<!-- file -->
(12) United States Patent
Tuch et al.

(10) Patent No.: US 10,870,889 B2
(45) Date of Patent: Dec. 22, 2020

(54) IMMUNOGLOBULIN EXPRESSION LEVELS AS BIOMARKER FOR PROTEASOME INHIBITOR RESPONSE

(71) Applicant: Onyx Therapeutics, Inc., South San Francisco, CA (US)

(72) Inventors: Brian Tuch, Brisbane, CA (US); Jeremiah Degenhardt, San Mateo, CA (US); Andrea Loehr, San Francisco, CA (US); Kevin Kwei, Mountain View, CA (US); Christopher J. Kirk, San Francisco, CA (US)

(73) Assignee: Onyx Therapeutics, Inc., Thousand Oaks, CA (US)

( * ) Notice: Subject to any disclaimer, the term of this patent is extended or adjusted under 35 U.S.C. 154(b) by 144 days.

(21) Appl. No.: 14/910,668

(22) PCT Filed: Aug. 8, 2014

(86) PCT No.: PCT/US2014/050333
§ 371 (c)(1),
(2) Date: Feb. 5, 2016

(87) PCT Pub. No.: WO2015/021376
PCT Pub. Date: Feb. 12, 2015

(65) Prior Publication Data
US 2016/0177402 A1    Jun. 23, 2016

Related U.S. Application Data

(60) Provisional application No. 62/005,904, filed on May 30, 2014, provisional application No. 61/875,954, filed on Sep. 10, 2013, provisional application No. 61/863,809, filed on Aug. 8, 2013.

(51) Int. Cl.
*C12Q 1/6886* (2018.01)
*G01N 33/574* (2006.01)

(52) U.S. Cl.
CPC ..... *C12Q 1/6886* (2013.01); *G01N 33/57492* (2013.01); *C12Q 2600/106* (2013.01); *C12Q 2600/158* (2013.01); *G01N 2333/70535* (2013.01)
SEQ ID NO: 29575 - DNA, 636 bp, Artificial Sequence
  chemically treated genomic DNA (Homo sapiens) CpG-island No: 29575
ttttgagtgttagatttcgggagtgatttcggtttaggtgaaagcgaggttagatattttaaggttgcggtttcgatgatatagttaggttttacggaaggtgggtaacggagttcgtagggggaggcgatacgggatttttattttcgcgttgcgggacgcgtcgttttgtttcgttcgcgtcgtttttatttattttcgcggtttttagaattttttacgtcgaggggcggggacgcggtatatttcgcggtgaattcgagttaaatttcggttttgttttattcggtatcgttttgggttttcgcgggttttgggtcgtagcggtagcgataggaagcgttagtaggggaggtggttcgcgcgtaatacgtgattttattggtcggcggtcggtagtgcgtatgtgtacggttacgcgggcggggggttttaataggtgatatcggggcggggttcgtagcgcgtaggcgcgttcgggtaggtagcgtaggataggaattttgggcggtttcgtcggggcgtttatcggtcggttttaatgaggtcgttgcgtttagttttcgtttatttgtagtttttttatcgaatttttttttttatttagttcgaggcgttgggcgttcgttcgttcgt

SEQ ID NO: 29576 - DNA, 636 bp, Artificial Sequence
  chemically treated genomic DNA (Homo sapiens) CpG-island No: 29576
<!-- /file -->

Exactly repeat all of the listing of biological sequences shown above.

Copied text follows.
(12) United States Patent
Tuch et al.

(10) Patent No.: US 10,870,889 B2
(45) Date of Patent: Dec. 22, 2020

(54) IMMUNOGLOBULIN EXPRESSION LEVELS AS BIOMARKER FOR PROTEASOME INHIBITOR RESPONSE

(71) Applicant: Onyx Therapeutics, Inc., South San Francisco, CA (US)

(72) Inventors: Brian Tuch, Brisbane, CA (US); Jeremiah Degenhardt, San Mateo, CA (US); Andrea Loehr, San Francisco, CA (US); Kevin Kwei, Mountain View, CA (US); Christopher J. Kirk, San Francisco, CA (US)

(73) Assignee: Onyx Therapeutics, Inc., Thousand Oaks, CA (US)

( * ) Notice: Subject to any disclaimer, the term of this patent is extended or adjusted under 35 U.S.C. 154(b) by 144 days.

(21) Appl. No.: 14/910,668

(22) PCT Filed: Aug. 8, 2014

(86) PCT No.: PCT/US2014/050333
§ 371 (c)(1),
(2) Date: Feb. 5, 2016

(87) PCT Pub. No.: WO2015/021376
PCT Pub. Date: Feb. 12, 2015

(65) Prior Publication Data
US 2016/0177402 A1    Jun. 23, 2016

Related U.S. Application Data

(60) Provisional application No. 62/005,904, filed on May 30, 2014, provisional application No. 61/875,954, filed on Sep. 10, 2013, provisional application No. 61/863,809, filed on Aug. 8, 2013.

(51) Int. Cl.
*C12Q 1/6886* (2018.01)
*G01N 33/574* (2006.01)

(52) U.S. Cl.
CPC ..... *C12Q 1/6886* (2013.01); *G01N 33/57492* (2013.01); *C12Q 2600/106* (2013.01); *C12Q 2600/158* (2013.01); *G01N 2333/70535* (2013.01)
SEQ ID NO: 29575 - DNA, 636 bp, Artificial Sequence
  chemically treated genomic DNA (Homo sapiens) CpG-island No: 29575
ttttgagtgttagatttcgggagtgatttcggtttaggtgaaagcgaggttagatattttaaggttgcggtttcgatgatatagttaggttttacggaaggtgggtaacggagttcgtagggggaggcgatacgggatttttattttcgcgttgcgggacgcgtcgttttgtttcgttcgcgtcgtttttatttattttcgcggtttttagaattttttacgtcgaggggcggggacgcggtatatttcgcggtgaattcgagttaaatttcggttttgttttattcggtatcgttttgggttttcgcgggttttgggtcgtagcggtagcgataggaagcgttagtaggggaggtggttcgcgcgtaatacgtgattttattggtcggcggtcggtagtgcgtatgtgtacggttacgcgggcggggggttttaataggtgatatcggggcggggttcgtagcgcgtaggcgcgttcgggtaggtagcgtaggataggaattttgggcggtttcgtcggggcgtttatcggtcggttttaatgaggtcgttgcgtttagttttcgtttatttgtagtttttttatcgaatttttttttttatttagttcgaggcgttgggcgttcgttcgttcgt

SEQ ID NO: 29576 - DNA, 636 bp, Artificial Sequence
  chemically treated genomic DNA (Homo sapiens) CpG-island No: 29576